# Conditional Dependence Relationship

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A Conditional Dependence Relationship [math]\displaystyle{ CI(A,B,C) }[/math] is a Statistical Relationship that is true if and only if ...

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**Counter-Example(s):****See:**Association, Conditional Independence.

## References

### 2015

- (Wikipedia, 2015) ⇒ http://en.wikipedia.org/wiki/conditional_dependence Retrieved:2015-2-25.
- In probability theory,
**conditional dependence**is a relationship between two or more events that are dependent when a third event occurs.^{[1]}^{[2]}For example, if*A*and B are two events that individually affect the happening of a third event*C*, and do not directly affect each other, then initially (when the event*C*has not occurred) : [math]\displaystyle{ P(A\mid B) = P(A) \text{ or } P(B\mid A) = P(B) }[/math]^{[3]}^{[4]}(*A*and B are independent) Eventually the event*C*occurs, and now if event*A*occurs the probability of occurrence of the event B will decrease (similarly event B occurring first will decrease the probability of occurrence of*A*in future). Hence, now the two events A and*B*become conditionally dependent because their probability of occurrence is dependent on either event's occurrence. Intuitively we can say that since A and*B*both were probable causes of C*, given*C*has occurred, occurrence of either of A or B alone could explain away the happening of*C*. : [math]\displaystyle{ P(B\mid C) \gt P(B\mid C,A) }[/math]*A be 'I have a new car'; event^{[5]}In essence probability comes from a person's information content about occurrence of an event. For example, let the event*B*be 'I have a new watch'; and event C*be 'I am happy'. Let us assume that the event C has occurred – meaning 'I am happy'. Now if a third person sees my new watch, he/she will attribute this reason to my happiness. Thus in his/her view the probability of the event*A ('I have a new car') to have been the cause of the event*C*('I am happy') will decrease as the event*C*has been explained away by the event*B*. Conditional dependence is different from conditional independence. In conditional independence two events which are initially dependent become independent given the occurrence of a third event.^{[6]}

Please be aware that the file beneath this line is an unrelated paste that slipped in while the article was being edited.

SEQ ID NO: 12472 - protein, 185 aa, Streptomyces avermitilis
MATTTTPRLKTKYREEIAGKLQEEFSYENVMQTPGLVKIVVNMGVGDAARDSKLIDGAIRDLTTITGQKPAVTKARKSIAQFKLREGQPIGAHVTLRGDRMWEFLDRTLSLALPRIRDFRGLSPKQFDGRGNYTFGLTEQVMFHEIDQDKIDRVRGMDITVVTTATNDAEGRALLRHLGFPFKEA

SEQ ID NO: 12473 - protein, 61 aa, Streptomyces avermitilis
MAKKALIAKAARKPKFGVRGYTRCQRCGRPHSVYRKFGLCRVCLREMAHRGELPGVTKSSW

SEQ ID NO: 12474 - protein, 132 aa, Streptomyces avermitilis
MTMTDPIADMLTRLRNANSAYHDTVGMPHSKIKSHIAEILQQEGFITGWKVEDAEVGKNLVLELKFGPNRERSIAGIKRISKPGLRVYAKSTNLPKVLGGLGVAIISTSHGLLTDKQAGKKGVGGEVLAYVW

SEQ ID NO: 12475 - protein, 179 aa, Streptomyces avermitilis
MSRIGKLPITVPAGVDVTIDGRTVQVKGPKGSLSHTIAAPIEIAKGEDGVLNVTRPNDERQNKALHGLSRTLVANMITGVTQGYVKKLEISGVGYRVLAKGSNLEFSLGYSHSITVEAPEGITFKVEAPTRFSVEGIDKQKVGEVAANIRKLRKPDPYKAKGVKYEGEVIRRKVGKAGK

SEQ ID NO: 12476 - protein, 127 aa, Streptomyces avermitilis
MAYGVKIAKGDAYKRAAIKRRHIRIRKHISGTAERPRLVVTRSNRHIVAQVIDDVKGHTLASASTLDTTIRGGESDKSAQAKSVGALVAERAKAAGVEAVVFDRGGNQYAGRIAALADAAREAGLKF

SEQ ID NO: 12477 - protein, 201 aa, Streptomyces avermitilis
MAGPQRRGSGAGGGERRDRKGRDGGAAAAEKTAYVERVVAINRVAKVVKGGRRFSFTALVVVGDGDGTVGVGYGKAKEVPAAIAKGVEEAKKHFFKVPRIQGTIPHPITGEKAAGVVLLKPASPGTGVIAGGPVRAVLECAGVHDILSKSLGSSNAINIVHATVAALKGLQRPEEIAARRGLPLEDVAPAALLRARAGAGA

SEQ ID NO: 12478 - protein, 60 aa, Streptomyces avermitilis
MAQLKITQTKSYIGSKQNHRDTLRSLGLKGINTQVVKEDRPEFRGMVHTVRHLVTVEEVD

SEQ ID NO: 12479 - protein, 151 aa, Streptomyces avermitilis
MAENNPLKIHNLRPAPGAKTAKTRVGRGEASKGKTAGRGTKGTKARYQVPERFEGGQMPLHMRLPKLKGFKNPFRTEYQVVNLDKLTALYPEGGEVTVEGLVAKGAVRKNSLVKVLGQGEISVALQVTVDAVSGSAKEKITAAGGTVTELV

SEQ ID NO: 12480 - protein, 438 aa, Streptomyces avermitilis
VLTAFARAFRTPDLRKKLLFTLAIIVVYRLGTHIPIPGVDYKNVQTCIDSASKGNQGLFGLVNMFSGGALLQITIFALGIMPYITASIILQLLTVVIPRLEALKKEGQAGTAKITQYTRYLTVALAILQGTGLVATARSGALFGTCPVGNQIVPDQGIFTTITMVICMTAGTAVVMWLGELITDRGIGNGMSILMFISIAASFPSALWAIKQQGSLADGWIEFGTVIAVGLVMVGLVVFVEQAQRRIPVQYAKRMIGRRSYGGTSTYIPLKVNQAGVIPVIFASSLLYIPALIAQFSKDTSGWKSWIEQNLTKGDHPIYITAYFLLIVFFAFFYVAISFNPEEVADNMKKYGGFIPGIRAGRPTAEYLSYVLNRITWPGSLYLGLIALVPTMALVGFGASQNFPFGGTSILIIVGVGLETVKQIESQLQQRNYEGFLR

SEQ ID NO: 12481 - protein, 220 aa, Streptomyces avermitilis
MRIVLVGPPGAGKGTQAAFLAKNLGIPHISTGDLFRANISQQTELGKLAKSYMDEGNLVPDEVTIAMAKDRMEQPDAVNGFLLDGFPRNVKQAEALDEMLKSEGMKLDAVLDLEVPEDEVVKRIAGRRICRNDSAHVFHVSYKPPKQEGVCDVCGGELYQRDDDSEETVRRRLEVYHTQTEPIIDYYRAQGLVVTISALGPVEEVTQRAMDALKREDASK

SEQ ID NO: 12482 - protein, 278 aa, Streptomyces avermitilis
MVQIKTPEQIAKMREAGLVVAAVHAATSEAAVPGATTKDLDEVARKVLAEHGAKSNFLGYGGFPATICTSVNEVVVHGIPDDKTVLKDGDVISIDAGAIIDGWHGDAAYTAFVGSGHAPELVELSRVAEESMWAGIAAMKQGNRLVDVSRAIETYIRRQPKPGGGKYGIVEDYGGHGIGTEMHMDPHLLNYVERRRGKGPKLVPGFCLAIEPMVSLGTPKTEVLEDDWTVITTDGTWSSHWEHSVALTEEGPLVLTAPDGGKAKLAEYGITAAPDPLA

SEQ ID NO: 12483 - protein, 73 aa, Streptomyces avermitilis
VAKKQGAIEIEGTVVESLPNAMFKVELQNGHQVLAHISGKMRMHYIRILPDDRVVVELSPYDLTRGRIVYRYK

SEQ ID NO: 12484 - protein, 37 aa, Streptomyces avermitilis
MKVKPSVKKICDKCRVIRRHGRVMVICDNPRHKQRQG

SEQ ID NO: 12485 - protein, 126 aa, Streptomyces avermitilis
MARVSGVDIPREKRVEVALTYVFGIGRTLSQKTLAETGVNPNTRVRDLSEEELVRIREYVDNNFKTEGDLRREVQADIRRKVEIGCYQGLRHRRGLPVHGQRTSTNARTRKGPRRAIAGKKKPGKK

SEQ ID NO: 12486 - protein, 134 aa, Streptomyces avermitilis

- In probability theory,

- ↑ Introduction to Artificial Intelligence by Sebastian Thrun and Peter Norvig, 2011 "Unit 3: Conditional Dependence"
- ↑ Introduction to learning Bayesian Networks from Data by Dirk Husmeier [1] "Introduction to Learning Bayesian Networks from Data -Dirk Husmeier"
- ↑ Conditional Independence in Statistical theory "Conditional Independence in Statistical Theory", A. P. Dawid"
- ↑ Probabilistic independence on Britannica "Probability->Applications of conditional probability->independence (equation 7) "
- ↑ Introduction to Artificial Intelligence by Sebastian Thrun and Peter Norvig, 2011 "Unit 3: Explaining Away"
- ↑ Conditional Independence in Statistical theory "Conditional Independence in Statistical Theory", A. P. Dawid